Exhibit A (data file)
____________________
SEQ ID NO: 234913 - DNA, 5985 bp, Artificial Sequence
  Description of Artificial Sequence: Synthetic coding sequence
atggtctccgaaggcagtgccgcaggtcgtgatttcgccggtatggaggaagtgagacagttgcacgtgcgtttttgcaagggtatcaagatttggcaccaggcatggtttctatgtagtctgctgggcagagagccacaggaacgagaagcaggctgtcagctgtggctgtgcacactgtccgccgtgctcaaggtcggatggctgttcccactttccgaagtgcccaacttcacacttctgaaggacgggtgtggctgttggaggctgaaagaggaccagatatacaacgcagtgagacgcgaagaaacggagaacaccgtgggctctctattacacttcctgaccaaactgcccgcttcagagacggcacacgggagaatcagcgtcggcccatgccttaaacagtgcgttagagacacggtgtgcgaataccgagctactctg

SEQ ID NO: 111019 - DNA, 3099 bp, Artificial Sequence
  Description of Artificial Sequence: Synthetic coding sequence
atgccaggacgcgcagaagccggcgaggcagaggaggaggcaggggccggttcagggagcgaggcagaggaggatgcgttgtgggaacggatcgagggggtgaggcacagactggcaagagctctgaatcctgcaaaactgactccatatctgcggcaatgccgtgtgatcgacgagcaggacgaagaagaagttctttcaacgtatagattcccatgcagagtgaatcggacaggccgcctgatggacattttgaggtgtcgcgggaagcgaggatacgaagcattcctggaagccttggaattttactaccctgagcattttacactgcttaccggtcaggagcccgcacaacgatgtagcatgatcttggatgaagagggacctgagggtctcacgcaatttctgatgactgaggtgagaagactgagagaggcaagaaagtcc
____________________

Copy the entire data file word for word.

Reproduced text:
SEQ ID NO: 234913 - DNA, 5985 bp, Artificial Sequence
  Description of Artificial Sequence: Synthetic coding sequence
atggtctccgaaggcagtgccgcaggtcgtgatttcgccggtatggaggaagtgagacagttgcacgtgcgtttttgcaagggtatcaagatttggcaccaggcatggtttctatgtagtctgctgggcagagagccacaggaacgagaagcaggctgtcagctgtggctgtgcacactgtccgccgtgctcaaggtcggatggctgttcccactttccgaagtgcccaacttcacacttctgaaggacgggtgtggctgttggaggctgaaagaggaccagatatacaacgcagtgagacgcgaagaaacggagaacaccgtgggctctctattacacttcctgaccaaactgcccgcttcagagacggcacacgggagaatcagcgtcggcccatgccttaaacagtgcgttagagacacggtgtgcgaataccgagctactctg

SEQ ID NO: 111019 - DNA, 3099 bp, Artificial Sequence
  Description of Artificial Sequence: Synthetic coding sequence
atgccaggacgcgcagaagccggcgaggcagaggaggaggcaggggccggttcagggagcgaggcagaggaggatgcgttgtgggaacggatcgagggggtgaggcacagactggcaagagctctgaatcctgcaaaactgactccatatctgcggcaatgccgtgtgatcgacgagcaggacgaagaagaagttctttcaacgtatagattcccatgcagagtgaatcggacaggccgcctgatggacattttgaggtgtcgcgggaagcgaggatacgaagcattcctggaagccttggaattttactaccctgagcattttacactgcttaccggtcaggagcccgcacaacgatgtagcatgatcttggatgaagagggacctgagggtctcacgcaatttctgatgactgaggtgagaagactgagagaggcaagaaagtcc